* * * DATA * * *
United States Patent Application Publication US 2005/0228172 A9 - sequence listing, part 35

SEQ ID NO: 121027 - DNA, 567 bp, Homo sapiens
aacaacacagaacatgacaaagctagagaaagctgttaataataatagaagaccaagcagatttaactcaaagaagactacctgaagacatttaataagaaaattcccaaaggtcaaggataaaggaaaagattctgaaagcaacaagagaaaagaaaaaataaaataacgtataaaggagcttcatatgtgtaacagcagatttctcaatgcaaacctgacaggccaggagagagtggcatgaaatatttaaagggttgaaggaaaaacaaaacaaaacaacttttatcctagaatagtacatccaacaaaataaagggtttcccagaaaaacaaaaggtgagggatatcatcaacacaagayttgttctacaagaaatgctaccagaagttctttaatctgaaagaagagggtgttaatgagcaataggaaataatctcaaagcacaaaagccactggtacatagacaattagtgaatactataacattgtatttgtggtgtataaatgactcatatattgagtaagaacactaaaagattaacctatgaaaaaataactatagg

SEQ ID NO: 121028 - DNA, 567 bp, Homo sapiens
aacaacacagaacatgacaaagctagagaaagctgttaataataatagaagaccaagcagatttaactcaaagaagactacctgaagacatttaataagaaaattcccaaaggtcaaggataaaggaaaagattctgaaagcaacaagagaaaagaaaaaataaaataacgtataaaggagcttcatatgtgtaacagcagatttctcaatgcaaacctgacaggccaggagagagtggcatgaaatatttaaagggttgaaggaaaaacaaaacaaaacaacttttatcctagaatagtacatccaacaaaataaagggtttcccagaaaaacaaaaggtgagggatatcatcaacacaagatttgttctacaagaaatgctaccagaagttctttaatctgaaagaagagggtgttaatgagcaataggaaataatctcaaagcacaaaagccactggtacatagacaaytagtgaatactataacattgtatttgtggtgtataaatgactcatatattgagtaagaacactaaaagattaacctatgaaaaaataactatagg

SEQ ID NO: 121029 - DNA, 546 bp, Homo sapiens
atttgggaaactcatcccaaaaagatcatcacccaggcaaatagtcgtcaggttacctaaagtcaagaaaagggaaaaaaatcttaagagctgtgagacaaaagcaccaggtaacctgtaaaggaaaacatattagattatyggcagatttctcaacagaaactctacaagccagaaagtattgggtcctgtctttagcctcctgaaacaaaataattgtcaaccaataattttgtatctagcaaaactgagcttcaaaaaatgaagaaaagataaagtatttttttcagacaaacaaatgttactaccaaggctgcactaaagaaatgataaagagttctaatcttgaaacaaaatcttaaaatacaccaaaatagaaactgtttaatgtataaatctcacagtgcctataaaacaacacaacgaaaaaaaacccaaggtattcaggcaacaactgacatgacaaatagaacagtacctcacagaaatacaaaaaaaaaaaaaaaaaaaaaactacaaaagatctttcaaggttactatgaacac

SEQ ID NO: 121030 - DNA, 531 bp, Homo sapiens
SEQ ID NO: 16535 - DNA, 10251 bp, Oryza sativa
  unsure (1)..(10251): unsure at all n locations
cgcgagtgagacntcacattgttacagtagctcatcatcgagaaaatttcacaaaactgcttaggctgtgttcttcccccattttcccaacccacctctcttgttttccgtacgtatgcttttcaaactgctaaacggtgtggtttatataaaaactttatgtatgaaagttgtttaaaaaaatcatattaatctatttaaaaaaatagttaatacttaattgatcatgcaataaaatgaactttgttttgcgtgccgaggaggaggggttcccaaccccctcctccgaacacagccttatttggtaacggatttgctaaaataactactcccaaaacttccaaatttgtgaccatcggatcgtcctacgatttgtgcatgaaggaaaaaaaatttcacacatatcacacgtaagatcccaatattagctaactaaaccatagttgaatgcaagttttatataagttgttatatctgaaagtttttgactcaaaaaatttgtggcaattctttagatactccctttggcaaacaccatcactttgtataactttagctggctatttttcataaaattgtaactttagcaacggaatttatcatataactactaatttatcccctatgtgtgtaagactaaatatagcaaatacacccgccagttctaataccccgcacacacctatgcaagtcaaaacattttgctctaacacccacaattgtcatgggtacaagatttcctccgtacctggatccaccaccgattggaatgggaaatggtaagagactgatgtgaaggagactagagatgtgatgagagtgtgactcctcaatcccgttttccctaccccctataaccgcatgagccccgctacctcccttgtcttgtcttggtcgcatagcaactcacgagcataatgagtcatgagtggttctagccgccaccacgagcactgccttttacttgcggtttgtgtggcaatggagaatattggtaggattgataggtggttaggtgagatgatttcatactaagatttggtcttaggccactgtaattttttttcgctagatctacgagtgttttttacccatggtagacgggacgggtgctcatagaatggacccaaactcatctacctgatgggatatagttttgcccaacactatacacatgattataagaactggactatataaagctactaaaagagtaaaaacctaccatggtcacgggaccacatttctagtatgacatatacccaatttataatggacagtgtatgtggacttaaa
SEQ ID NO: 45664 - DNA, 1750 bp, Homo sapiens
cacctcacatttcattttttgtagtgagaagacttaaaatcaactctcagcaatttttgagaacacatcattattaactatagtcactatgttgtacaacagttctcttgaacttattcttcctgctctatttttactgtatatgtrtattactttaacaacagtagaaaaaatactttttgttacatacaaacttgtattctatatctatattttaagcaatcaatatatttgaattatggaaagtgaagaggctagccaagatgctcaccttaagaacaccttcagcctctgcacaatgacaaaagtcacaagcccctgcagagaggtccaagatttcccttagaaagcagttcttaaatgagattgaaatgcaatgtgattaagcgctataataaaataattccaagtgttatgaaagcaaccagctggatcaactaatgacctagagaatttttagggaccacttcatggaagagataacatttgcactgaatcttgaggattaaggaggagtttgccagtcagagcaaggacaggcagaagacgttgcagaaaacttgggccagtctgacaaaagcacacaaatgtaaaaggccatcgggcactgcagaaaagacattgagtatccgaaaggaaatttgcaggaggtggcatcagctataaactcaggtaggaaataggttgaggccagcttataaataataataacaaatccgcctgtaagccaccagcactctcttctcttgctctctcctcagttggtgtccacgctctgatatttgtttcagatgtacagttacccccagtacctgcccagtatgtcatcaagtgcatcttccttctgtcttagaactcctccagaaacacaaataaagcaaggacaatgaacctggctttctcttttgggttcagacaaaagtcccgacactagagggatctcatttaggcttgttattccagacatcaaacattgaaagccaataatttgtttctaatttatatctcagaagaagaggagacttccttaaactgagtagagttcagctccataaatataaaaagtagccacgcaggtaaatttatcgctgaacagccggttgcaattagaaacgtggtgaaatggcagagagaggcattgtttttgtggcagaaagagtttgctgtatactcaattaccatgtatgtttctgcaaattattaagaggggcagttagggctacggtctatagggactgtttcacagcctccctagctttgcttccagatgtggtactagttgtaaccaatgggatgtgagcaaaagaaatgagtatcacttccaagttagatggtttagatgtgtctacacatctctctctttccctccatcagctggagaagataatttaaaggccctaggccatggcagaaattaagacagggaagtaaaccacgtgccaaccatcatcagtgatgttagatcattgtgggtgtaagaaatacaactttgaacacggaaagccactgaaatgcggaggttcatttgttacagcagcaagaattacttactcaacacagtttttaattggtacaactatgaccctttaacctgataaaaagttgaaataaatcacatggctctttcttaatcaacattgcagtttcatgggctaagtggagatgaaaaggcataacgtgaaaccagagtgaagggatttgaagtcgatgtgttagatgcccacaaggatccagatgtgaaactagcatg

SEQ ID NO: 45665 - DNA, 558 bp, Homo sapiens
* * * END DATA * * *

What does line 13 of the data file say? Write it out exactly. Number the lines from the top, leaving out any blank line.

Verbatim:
cacctcacatttcattttttgtagtgagaagacttaaaatcaactctcagcaatttttgagaacacatcattattaactatagtcactatgttgtacaacagttctcttgaacttattcttcctgctctatttttactgtatatgtrtattactttaacaacagtagaaaaaatactttttgttacatacaaacttgtattctatatctatattttaagcaatcaatatatttgaattatggaaagtgaagaggctagccaagatgctcaccttaagaacaccttcagcctctgcacaatgacaaaagtcacaagcccctgcagagaggtccaagatttcccttagaaagcagttcttaaatgagattgaaatgcaatgtgattaagcgctataataaaataattccaagtgttatgaaagcaaccagctggatcaactaatgacctagagaatttttagggaccacttcatggaagagataacatttgcactgaatcttgaggattaaggaggagtttgccagtcagagcaaggacaggcagaagacgttgcagaaaacttgggccagtctgacaaaagcacacaaatgtaaaaggccatcgggcactgcagaaaagacattgagtatccgaaaggaaatttgcaggaggtggcatcagctataaactcaggtaggaaataggttgaggccagcttataaataataataacaaatccgcctgtaagccaccagcactctcttctcttgctctctcctcagttggtgtccacgctctgatatttgtttcagatgtacagttacccccagtacctgcccagtatgtcatcaagtgcatcttccttctgtcttagaactcctccagaaacacaaataaagcaaggacaatgaacctggctttctcttttgggttcagacaaaagtcccgacactagagggatctcatttaggcttgttattccagacatcaaacattgaaagccaataatttgtttctaatttatatctcagaagaagaggagacttccttaaactgagtagagttcagctccataaatataaaaagtagccacgcaggtaaatttatcgctgaacagccggttgcaattagaaacgtggtgaaatggcagagagaggcattgtttttgtggcagaaagagtttgctgtatactcaattaccatgtatgtttctgcaaattattaagaggggcagttagggctacggtctatagggactgtttcacagcctccctagctttgcttccagatgtggtactagttgtaaccaatgggatgtgagcaaaagaaatgagtatcacttccaagttagatggtttagatgtgtctacacatctctctctttccctccatcagctggagaagataatttaaaggccctaggccatggcagaaattaagacagggaagtaaaccacgtgccaaccatcatcagtgatgttagatcattgtgggtgtaagaaatacaactttgaacacggaaagccactgaaatgcggaggttcatttgttacagcagcaagaattacttactcaacacagtttttaattggtacaactatgaccctttaacctgataaaaagttgaaataaatcacatggctctttcttaatcaacattgcagtttcatgggctaagtggagatgaaaaggcataacgtgaaaccagagtgaagggatttgaagtcgatgtgttagatgcccacaaggatccagatgtgaaactagcatg